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So much for being lucky...

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  • So much for being lucky...

    I got this cheapie saw from Harbor Freight, and started trying it out. It worked pretty well for someone that didn't know squat about a scroll saw. I read that most blades will pull to the right but mine didn't. I thought how lucky I was that mine was just perfect.

    I had squared the table with the blade and done all the suggested adjustments and made some cuts and was well satisfied with it. Until I learned more about scroll saws.

    One problem that I did have though was when I stopped a cut then tried to restart in the same place. It was almost impossible. The blade seemed to always catch on another place nearby and no matter how I tried to start in a new place it usually went back to the old notch. Made firewood of several attempts just because of that. Also it almost never went back on the old track I had started and wanted to return to later.

    Then yesterday I had just completed a cut, removed the wood and happened to look down at the lower pin holder. It was just shimmying back and forth. I had never noticed that before. I restarted the saw without wood and looked it over real good. The table was squared to the blade I thought but it still was off. I remembered reading the blade should be a black line when running but this wasn't.

    After giving it my meanest dirty look it still wasn't right. It occurred to me that maybe the blade holders weren't square either. Sure enough the top holder was out of align. I readjusted it by sight because I don't know how to square a blade to an unknown square of the table now. I put a level on the table and adjusted it to level then tried to square the blade to that using a T-square. I guess I did alright because it stopped doing it's own thing and is now able to follow my patterns without hanging up on something.

    The end result is that it seems to cut square now but the blades DO veer to the right. Now I have to learn to cut all over allowing for the right side pull. So much for being lucky huh?

  • #2
    You won't even notice the pull to the right in a short while.
    There are blades that are double ground but to me aren't worth the cost.
    I actually prefer the pull for me it gives me better control by giving me something to work again. You will find for every 100 scrollers there be 100 different ways to do the same thing. It just takes seat time. Keep cuttin'
    And we love pictures.
    May the wind at you back .....
    Not be from Lunch.

    Don't take life too seriously; No one gets out alive.

    Beauty is in the eye of the BEERHOLDER

    Visit My Gallery

    Oily's Gallery

    http://www.picturetrail.com/oily11

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    • #3
      Use the pull to right to your advantage - always try to make sure that your "waste" wood is to the right of the blade, that way, if you make a mistake it doesn't cut into your "good" wood. You can always go back and trim to your pattern line or sand to the line if your off just a bit.

      Another thing is to try to make sure you have a blade sharp enough to finish an entire cut, that way you don't have to worry about starting in a kerf already started. Remember too that if your pushing your wood to hard or have a blade that is dull the blade will bow making a new blade "catch" or not "track" in the old kerf. If your cutting something relatively thick (3/4" or more) check your cut piece and make sure that your cuts are square through the wood itself.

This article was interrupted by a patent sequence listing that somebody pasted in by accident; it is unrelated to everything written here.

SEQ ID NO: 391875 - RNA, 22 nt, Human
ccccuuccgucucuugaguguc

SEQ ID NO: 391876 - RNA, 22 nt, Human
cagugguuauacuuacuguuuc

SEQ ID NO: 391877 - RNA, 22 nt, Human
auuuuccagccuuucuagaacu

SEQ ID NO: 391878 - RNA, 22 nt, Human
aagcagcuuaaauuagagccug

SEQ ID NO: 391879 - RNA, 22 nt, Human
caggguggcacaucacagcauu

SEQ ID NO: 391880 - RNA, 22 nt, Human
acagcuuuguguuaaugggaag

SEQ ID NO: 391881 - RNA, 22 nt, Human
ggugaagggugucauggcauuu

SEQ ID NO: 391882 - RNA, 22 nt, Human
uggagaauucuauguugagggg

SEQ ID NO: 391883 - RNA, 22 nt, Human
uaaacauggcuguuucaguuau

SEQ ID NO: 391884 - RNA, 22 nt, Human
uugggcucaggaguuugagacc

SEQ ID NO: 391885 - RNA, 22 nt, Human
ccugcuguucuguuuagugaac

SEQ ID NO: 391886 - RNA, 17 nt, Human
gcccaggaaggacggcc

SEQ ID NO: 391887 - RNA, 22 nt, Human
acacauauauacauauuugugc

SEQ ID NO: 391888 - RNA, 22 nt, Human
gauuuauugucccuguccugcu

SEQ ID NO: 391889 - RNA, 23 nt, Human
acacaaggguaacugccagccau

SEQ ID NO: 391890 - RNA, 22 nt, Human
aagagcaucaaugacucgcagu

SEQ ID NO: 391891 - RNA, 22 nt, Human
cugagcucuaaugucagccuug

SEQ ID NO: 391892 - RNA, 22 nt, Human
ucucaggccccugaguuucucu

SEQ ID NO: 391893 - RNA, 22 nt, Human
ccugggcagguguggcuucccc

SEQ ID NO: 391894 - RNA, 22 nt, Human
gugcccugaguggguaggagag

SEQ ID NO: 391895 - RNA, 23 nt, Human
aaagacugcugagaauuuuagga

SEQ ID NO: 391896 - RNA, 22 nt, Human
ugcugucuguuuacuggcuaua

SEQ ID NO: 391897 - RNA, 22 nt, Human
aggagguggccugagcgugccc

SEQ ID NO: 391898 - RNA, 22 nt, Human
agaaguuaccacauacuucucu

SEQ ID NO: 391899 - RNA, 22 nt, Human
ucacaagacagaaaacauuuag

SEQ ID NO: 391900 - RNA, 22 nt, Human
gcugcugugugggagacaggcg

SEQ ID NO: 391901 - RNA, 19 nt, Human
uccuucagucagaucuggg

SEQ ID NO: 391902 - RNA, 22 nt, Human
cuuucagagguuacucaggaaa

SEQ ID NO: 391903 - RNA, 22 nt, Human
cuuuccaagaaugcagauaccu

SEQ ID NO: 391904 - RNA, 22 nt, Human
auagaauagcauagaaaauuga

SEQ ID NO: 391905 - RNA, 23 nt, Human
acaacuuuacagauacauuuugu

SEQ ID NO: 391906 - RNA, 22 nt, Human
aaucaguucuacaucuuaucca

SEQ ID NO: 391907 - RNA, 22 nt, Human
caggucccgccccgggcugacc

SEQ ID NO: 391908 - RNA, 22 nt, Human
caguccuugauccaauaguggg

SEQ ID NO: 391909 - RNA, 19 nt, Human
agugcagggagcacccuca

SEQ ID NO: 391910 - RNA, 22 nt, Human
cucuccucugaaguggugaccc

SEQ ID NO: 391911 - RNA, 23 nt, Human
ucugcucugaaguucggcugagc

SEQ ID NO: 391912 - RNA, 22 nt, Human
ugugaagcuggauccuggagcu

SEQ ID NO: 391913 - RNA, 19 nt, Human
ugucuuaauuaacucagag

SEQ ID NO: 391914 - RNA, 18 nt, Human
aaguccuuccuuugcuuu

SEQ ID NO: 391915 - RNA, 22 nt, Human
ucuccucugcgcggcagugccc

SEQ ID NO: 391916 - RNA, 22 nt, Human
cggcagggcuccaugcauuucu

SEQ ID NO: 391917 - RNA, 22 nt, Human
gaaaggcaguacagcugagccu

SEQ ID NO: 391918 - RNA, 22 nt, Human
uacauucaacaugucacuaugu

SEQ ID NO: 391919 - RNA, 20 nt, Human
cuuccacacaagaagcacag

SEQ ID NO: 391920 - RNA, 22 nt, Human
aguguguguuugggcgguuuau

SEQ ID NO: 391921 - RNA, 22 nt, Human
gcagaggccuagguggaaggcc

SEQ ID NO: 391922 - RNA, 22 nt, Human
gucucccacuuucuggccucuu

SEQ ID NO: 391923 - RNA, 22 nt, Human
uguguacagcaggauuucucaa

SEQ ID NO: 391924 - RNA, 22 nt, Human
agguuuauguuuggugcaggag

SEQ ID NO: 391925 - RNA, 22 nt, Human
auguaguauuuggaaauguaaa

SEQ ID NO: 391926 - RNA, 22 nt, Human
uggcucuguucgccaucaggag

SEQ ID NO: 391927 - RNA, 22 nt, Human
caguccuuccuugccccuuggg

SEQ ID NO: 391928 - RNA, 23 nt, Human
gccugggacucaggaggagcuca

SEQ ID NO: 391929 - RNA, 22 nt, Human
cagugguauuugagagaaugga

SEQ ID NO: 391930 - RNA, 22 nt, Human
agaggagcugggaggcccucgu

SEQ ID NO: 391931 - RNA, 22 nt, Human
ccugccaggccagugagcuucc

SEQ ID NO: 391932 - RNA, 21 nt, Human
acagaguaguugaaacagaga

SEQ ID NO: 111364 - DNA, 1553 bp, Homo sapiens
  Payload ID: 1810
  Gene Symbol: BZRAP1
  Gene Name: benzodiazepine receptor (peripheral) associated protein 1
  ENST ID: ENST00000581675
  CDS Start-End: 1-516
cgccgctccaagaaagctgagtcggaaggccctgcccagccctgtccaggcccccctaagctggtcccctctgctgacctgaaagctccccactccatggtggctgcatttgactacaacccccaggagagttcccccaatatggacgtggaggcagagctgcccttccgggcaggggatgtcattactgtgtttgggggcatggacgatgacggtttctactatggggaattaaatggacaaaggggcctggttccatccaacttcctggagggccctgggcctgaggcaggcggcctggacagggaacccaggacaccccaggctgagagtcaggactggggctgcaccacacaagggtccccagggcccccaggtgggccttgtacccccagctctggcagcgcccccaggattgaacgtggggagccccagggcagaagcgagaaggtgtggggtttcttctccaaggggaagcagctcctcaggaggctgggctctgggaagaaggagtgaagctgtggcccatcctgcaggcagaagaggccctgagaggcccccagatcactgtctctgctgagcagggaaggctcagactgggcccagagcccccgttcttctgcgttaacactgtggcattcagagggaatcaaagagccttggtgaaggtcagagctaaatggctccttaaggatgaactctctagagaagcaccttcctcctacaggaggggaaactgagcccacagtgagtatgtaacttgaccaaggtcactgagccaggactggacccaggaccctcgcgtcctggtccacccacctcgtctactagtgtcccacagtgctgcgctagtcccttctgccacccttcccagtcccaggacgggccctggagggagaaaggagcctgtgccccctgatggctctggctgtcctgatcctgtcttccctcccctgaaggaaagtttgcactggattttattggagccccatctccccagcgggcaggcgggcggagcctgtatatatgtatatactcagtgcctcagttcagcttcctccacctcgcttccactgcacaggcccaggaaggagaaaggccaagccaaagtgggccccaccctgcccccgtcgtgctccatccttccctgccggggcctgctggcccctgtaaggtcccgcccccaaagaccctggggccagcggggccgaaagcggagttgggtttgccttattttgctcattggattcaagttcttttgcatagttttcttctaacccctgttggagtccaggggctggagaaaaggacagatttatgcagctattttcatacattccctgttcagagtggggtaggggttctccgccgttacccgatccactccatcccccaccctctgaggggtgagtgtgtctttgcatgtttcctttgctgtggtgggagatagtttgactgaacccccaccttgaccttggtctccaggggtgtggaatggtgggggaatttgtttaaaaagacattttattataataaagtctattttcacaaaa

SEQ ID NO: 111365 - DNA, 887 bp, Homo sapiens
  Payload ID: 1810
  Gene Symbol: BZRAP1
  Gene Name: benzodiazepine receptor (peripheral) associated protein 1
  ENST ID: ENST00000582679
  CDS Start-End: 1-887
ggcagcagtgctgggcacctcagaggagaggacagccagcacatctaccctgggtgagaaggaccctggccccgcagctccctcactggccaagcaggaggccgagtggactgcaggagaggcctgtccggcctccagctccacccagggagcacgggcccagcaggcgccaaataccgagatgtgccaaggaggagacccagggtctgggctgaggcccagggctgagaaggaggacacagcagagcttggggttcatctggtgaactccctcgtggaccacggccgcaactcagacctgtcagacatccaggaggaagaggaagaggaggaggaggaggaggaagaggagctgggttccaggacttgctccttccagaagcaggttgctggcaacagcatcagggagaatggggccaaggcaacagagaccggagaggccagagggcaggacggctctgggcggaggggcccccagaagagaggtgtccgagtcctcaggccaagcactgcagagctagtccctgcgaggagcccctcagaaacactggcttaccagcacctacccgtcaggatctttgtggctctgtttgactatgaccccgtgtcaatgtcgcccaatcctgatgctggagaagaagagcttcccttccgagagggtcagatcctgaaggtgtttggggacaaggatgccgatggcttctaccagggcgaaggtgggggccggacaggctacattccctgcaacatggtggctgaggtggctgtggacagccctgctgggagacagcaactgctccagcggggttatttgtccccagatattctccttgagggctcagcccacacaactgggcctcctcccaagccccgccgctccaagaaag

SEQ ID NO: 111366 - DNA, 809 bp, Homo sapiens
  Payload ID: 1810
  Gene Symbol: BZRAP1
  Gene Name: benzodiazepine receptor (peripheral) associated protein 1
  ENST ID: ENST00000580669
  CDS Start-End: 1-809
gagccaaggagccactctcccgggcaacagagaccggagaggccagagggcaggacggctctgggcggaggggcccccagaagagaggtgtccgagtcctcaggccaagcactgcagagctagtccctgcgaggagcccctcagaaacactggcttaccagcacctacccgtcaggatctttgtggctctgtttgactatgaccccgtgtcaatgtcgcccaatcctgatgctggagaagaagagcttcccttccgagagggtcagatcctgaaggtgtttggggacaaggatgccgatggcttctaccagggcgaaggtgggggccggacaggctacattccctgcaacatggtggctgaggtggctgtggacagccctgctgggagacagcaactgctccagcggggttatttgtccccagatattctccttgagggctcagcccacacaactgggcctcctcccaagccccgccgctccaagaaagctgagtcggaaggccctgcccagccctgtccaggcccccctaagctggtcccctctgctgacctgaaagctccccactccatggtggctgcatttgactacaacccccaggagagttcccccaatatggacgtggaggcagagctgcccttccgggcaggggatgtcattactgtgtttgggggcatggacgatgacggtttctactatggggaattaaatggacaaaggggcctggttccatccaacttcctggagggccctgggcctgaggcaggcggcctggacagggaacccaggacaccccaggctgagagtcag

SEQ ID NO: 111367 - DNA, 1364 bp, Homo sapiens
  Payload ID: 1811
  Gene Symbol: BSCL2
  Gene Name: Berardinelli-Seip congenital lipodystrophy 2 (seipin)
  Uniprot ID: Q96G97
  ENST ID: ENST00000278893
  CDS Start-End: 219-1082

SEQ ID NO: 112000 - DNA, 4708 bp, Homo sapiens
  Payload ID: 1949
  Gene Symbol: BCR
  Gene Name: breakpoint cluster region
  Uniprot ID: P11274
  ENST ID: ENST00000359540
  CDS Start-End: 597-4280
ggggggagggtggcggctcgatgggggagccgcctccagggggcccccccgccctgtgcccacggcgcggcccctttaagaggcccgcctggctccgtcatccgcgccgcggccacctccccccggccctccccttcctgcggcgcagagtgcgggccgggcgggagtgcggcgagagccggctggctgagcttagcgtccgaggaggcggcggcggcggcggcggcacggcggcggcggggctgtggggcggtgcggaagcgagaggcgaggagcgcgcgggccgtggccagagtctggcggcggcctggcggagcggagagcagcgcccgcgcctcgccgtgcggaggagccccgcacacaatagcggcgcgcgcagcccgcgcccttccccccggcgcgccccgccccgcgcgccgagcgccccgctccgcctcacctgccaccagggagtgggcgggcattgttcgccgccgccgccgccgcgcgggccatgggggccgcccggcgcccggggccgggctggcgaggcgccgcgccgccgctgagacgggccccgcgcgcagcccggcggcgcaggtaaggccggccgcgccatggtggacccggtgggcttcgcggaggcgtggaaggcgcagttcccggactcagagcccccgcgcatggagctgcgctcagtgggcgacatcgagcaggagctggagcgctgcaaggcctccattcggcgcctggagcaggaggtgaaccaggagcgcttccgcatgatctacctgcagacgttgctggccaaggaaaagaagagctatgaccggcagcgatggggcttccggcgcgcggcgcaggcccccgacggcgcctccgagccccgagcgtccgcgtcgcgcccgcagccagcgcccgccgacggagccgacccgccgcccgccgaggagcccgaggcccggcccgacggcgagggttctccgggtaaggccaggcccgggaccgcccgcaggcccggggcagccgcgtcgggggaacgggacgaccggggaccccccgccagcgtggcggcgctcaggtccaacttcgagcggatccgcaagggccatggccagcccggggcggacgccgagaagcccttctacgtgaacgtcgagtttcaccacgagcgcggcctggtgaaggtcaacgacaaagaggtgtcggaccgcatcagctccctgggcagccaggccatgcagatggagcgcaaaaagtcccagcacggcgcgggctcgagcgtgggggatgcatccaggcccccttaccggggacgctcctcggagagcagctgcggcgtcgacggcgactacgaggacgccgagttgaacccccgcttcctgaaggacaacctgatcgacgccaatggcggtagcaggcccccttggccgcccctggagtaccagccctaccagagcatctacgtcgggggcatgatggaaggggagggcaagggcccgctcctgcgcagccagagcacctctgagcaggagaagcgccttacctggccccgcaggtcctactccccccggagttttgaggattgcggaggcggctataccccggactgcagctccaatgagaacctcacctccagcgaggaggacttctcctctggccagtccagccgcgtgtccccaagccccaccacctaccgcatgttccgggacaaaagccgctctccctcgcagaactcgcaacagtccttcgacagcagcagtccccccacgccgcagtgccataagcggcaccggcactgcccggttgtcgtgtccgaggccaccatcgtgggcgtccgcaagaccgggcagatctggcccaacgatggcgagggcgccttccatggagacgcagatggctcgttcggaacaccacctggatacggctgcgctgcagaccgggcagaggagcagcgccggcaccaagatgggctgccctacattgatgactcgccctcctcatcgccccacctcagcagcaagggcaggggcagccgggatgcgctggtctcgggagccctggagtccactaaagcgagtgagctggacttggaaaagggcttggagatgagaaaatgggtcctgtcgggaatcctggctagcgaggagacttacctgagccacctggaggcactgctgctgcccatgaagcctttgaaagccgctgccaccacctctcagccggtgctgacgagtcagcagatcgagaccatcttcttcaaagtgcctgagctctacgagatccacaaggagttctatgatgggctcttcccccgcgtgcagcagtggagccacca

Like Oily said, you'll get used to it with more time behind the saw. Start with some easy patterns and work your way into more complicated ones.

      Have fun and be sure to post pictures.
      Last edited by ASDLF22; 05-14-2012, 10:16 PM.
      Douglas Fraser
      Eagle River, Alaska

      My Gallery - Aurora Wood Crafts

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      • #4
        Rob I like your comment about just needing "seat" time. When I first started scrolling years ago I stood up while cutting. The only reason I started, and learned to like it, was when I broke my foot and could not stand on it to cut. I guess there are allot of folks that stand to scroll.
        Hawaiilad
        Larry

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        • #5
          Most blades have a burr on the right side of the blade. This makes the blade to cut to the right.
          You have to move your wood some degree to the right to stay on the line.
          Have good tension, good speed and low feed rate. Let the blade do the cutting, they say.
          Email me if you have anymore questions.
          FD Mike
          SD Mike

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          • #6
            Originally posted by Hawaiilad View Post
            Rob I like your comment about just needing "seat" time. When I first started scrolling years ago I stood up while cutting. The only reason I started, and learned to like it, was when I broke my foot and could not stand on it to cut. I guess there are allot of folks that stand to scroll.
            Seat time is a throwback to my racing days. Driving was the only way to learn how to drive. I had everything I knew on the left quarter panel.
            GO FAST AND TURN LEFT
            May the wind at you back .....
            Not be from Lunch.

            Don't take life too seriously; No one gets out alive.

            Beauty is in the eye of the BEERHOLDER

            Visit My Gallery

            Oily's Gallery

            http://www.picturetrail.com/oily11

            Comment

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